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Straight line -vs- trail braking
One of the questions that I seem to get fairly frequently is what do I think about trail braking into bends. And when I do discuss it, it's often a bit of a biking hot potato, with supporters on the one hand and others who say it's a dangerous race track technique with no place on the road. First of all, it's important that we understand the difference beween the two techniques, but also how they are linked. And we also need to be aware of what is sometimes called the 'Traction Pie'. Essentially, is explains how it's possible that we can divide up the grip that's needed BETWEEN braking AND cornering at the same time.
The classic braking technique on the approach to a corner is to complete all braking before we start to steer the bike. The big advantage of this technique is that it separates traction management into two phases, FIRST braking THEN cornering. By keeping them apart we allow the tyres to use ALL their grip for one task OR the other. As a result, we significantly reduce the risk of losing traction at either end of the bike.
By contrast, when using the trail-braking technique the rider carries the brakes from the upright approach into the corner, gradually reducing the pressure on the brakes while adding lean angle until the brakes are off and the bike is at the chosen lean angle.
So what's the problem?
Essentially, because the braking forces are using up traction AT THE SAME TIME AS the leaning forces, it's possible to exceed the total amount of traction they tyres can deliver. And if that happens, we're in trouble.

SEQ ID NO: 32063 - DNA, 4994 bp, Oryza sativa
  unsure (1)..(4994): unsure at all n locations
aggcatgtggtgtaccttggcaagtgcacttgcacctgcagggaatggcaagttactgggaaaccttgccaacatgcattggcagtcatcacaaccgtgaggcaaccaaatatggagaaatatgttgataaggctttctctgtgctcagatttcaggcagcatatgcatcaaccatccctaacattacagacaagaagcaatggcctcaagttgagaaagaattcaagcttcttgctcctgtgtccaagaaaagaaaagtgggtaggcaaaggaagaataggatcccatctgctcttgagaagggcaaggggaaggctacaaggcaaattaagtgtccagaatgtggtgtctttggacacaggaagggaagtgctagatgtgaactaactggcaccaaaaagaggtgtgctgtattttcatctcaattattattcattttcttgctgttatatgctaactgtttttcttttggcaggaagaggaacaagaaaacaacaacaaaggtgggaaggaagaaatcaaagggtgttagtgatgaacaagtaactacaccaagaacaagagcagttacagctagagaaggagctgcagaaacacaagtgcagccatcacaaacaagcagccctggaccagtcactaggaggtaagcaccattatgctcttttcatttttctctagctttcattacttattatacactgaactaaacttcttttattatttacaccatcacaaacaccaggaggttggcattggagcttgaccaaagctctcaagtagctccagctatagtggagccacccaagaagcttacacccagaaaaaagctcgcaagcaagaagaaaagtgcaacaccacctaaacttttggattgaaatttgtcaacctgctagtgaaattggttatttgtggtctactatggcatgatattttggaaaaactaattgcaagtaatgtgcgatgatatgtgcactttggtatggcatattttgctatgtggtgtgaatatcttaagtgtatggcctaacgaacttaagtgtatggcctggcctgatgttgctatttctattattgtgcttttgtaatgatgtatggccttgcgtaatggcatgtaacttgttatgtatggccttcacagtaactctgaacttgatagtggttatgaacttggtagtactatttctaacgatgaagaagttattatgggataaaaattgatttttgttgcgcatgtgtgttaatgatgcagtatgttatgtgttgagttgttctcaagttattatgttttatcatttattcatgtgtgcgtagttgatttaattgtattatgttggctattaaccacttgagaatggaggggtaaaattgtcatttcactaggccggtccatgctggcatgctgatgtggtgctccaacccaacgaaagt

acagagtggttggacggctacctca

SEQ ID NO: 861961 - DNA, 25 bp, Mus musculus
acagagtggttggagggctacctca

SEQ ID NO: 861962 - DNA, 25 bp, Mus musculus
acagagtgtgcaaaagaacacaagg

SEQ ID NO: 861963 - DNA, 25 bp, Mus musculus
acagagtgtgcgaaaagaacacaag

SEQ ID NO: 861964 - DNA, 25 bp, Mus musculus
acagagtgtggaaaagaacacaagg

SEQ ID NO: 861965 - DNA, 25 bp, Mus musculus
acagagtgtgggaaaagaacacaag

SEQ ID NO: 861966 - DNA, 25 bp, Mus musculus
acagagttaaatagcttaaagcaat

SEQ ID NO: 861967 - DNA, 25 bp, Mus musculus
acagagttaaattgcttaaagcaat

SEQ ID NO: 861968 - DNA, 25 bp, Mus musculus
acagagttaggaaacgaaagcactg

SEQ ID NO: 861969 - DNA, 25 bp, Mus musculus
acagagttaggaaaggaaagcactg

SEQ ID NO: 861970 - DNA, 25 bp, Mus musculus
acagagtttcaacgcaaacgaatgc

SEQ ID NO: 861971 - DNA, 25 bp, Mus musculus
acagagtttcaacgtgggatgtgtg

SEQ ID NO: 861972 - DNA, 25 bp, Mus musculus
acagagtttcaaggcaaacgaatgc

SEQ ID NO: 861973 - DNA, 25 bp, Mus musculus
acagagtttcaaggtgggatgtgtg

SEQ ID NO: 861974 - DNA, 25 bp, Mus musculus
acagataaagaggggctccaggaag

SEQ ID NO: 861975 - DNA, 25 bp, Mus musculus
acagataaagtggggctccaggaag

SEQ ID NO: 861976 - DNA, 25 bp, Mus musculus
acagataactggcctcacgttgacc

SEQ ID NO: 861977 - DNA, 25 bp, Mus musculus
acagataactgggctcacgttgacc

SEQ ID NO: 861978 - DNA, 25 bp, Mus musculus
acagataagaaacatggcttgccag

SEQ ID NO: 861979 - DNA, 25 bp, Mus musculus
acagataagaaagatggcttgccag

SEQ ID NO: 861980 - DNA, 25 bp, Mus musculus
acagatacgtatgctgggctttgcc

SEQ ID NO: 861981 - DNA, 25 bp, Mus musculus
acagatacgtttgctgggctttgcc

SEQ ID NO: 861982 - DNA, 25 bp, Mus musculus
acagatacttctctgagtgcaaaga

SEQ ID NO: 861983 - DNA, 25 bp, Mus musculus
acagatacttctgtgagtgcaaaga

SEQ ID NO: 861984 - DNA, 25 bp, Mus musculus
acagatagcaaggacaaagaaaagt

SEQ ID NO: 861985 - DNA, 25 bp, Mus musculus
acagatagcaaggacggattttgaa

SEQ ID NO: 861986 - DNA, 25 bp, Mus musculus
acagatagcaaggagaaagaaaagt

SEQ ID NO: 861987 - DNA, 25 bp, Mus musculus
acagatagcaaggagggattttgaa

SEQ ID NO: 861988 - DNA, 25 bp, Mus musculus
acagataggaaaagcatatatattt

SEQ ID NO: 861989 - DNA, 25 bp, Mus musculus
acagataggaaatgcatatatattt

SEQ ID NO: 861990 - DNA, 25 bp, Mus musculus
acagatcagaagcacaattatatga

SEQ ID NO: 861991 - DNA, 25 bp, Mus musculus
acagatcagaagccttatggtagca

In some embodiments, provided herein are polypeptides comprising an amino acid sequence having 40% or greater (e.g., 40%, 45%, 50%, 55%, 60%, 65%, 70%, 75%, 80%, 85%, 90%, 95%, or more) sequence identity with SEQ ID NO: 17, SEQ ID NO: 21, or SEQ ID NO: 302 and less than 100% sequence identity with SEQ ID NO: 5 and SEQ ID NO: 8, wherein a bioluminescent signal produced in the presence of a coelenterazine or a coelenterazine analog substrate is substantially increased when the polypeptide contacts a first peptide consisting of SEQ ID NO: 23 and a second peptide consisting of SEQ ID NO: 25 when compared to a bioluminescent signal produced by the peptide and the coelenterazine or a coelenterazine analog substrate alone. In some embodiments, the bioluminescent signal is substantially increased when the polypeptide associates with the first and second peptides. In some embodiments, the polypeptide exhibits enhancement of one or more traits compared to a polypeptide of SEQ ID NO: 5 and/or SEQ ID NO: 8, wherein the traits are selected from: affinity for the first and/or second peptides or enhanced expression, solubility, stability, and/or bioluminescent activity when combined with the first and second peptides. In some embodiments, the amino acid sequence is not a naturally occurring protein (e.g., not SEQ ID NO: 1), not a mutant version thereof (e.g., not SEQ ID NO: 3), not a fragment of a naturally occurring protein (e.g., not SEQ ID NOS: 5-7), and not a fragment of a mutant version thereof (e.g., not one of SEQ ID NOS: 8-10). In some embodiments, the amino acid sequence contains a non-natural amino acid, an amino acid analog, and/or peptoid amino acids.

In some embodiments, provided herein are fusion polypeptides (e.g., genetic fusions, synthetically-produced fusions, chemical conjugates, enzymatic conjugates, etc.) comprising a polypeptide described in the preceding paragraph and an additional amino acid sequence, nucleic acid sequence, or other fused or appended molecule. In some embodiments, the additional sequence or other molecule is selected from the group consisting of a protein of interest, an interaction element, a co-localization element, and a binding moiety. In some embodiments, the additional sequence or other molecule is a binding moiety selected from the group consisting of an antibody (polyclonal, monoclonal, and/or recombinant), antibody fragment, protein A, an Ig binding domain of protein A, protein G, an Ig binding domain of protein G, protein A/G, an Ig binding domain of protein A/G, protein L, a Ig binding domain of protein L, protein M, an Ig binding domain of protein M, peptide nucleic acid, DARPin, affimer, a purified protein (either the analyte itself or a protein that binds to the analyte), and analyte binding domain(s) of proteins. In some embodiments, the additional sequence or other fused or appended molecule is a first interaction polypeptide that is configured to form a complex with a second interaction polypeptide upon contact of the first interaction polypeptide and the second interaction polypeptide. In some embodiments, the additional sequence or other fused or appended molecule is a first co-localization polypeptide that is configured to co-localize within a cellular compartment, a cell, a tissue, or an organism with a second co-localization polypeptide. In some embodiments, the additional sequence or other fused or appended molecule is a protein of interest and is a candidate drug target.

It's that potential for loss of grip that's always been used to promote the traditional upright braking approach to bends - if a wheel does lock under braking, upright it's controllable even on a bike without ABS.
Separating braking and steering is by far and away the simplest way of dealing with a bend, and there's far less to go wrong. Not least, if we're off the brakes, we free ourselves up mentally to look around the corner to see what comes next. If we're on the brakes, we're actually mentally focused on the road surface itself (think about it) and what we might hit if it all goes wrong - cars, walls and other hard objects - and that in turn leads us in the direction of target fixation.
So why bother with trail braking at all? Two reasons.
The first is simply 'advantage' - since we carry the brakes into the first part of the corner, it's possible to brake a little later, which means we carry speed a little further down the preceding straight. You've probably realised where this would be an advantage - on the track.
You may also have heard that "the bike steers better with the forks compressed". It's actually written on Freddie Spencer's site and it's hard to argue with a racer as talented as Freddie. But I can honestly say that every road bike I've ridden has, to a greater or a less extent, sat up and headed for the ditch on the brakes. Maybe a race bike set up on race tyres and race geometry does steer OK on the brakes, but my thinking is that this is a misunderstanding of what's happening - as the bike slows on the brakes, it turns on a progressively tighter line simply because the speed is dropping.
Anyway, we're not riding on the track, we're on the road. We're not out-braking other riders, nor trying to squeeze half a second off our point-to-point time. In fact, attempting trail braking as a regular approach to getting round bends risks all the things that goes wrong in bends: